Quincy Decr 23d. 1822
I have recieved, and heard read Collo. Troups letter to Judge Livingston of the 23d Jan. 1822. You need not wish for a More rigorous, a more able, or a more spirited vindication of your claim to the first suggestion of the Canal policy in New York; and of Genl. Schuylers sagacious patriotism, in adopting, and supporting your Ideas in the Ligeslature. You have both great merit but still I think Mr. Clinton has great merit in supporting your plan
It is right to preserve the memory of the first discoverers, and inventors of useful improvements for the amelioration of the condition of Mankind.
The gentlemen who were my cotemporarys in Philidelphia, used to Say that the first discovery of the efficacy of lightning rods was Ebenez Kenning a young gentleman of an ardent thirst for science, who drew lightning from the clouds by his iron pointed Kite, before Dr. Franklin had attempted any thing on the subject.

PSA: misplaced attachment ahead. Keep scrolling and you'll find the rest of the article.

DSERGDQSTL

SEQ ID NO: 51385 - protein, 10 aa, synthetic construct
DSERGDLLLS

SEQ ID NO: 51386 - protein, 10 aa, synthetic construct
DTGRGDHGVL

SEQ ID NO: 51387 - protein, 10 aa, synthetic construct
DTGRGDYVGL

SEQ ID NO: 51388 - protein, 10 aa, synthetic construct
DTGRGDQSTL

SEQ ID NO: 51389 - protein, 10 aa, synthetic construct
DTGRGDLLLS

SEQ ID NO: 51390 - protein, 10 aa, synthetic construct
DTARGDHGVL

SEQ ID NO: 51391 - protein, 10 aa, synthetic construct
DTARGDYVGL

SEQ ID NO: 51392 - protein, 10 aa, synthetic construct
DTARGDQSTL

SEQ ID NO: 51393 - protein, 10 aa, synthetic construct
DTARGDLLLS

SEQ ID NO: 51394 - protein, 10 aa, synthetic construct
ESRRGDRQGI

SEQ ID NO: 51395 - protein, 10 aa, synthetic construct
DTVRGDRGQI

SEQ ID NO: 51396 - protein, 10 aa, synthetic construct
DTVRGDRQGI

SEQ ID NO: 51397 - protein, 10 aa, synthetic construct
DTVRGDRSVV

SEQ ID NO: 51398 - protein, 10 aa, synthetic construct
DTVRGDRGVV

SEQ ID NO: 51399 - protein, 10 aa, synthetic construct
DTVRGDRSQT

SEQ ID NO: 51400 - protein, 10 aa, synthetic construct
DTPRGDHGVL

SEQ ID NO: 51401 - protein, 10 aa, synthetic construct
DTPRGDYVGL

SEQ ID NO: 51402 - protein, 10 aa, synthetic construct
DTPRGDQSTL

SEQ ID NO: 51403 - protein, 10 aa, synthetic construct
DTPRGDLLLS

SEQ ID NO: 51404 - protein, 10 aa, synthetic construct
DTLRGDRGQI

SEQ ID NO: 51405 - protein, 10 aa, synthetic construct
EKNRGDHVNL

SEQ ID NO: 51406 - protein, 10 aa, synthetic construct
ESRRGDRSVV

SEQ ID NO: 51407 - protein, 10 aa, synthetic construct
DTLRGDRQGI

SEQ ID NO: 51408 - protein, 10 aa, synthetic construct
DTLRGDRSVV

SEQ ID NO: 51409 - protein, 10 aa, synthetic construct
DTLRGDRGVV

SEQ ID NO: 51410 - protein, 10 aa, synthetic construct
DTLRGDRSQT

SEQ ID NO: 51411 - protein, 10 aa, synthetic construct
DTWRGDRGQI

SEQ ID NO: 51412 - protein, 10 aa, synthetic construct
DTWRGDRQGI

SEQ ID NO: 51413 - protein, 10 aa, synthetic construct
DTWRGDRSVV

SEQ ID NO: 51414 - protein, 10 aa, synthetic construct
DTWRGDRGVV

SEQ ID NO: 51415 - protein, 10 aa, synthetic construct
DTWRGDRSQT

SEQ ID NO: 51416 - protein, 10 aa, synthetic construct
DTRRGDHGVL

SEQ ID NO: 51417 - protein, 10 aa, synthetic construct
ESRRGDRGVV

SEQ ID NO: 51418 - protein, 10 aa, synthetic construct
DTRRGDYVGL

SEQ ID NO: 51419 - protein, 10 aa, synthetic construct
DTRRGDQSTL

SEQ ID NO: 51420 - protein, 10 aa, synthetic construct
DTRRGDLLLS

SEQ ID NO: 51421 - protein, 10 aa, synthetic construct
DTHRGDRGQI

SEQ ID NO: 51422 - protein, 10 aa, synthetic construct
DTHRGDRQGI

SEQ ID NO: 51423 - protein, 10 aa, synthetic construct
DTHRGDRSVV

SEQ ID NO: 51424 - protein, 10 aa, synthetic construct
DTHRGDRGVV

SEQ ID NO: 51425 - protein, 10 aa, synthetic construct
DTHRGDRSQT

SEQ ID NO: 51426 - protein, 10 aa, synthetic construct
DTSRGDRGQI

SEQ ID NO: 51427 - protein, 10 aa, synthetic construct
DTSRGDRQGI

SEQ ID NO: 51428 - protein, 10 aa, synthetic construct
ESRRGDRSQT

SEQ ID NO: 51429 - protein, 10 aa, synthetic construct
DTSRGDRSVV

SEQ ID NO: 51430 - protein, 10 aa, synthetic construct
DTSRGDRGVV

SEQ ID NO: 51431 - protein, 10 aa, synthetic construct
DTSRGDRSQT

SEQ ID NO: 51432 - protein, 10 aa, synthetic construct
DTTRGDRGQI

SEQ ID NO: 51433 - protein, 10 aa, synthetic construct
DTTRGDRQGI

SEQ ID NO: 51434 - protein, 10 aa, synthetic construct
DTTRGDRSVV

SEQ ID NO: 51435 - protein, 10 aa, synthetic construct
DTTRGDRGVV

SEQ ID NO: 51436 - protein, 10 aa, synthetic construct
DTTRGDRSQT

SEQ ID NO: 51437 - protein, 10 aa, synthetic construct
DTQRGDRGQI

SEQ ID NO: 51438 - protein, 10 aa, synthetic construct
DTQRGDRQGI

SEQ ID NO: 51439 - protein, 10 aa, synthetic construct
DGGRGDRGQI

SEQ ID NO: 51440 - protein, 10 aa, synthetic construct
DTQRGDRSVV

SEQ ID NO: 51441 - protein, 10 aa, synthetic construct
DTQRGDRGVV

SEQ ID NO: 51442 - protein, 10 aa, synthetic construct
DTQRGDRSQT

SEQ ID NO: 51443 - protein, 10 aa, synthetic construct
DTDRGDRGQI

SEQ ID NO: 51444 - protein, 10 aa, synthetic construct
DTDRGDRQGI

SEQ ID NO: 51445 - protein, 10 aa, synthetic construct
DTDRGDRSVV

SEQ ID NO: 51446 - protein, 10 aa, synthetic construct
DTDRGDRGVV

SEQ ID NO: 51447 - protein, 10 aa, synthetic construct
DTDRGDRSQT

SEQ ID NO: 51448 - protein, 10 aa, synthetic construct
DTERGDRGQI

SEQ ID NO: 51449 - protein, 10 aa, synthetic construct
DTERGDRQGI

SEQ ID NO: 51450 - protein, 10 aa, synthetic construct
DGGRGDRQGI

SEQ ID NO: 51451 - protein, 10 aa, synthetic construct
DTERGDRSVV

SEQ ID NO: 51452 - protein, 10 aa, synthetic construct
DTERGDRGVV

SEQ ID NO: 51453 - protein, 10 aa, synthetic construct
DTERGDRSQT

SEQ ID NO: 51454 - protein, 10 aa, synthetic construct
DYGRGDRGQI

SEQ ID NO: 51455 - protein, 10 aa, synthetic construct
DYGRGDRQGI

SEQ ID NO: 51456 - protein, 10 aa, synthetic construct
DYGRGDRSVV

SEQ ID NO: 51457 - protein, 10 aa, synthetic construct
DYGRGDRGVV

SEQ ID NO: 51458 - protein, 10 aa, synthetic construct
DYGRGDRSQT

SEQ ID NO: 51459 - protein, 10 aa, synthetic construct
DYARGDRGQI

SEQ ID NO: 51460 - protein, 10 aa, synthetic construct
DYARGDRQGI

Why indeed may we not say that this discovery was made in the time of the roman Emperor Tyberius for in his reign the astronomical and Astrological Poet Manillius wrote this line, “eripuit jovi fulmen viresque tonandi” he snatch’d lightning from jupiter and arrested the force of thunder yet all this deminishes in no degree the great Merit of Dr. Franklin in maturing, digesting and propogating to the world his system of lightning rods. It would be well to ascertain If it were posible the first discoverer of the invaluable power of Steam. While we Should do honor to his memory we shou’d not withold, our admiration and gratitude from the great Fulton, whose steam navigation will be of greater benefit to mankind than Franklins philosophy—though that is very great.
And while I wish to do honor to these great men, I ought to bare my testimony to the merit of your long exertions which I think have been very useful to Our Country.
With must pleasure I repeat the assurance of the long and continued esteem and Affection of your friend and humble Servant.
N: Elkanah Watson Papers.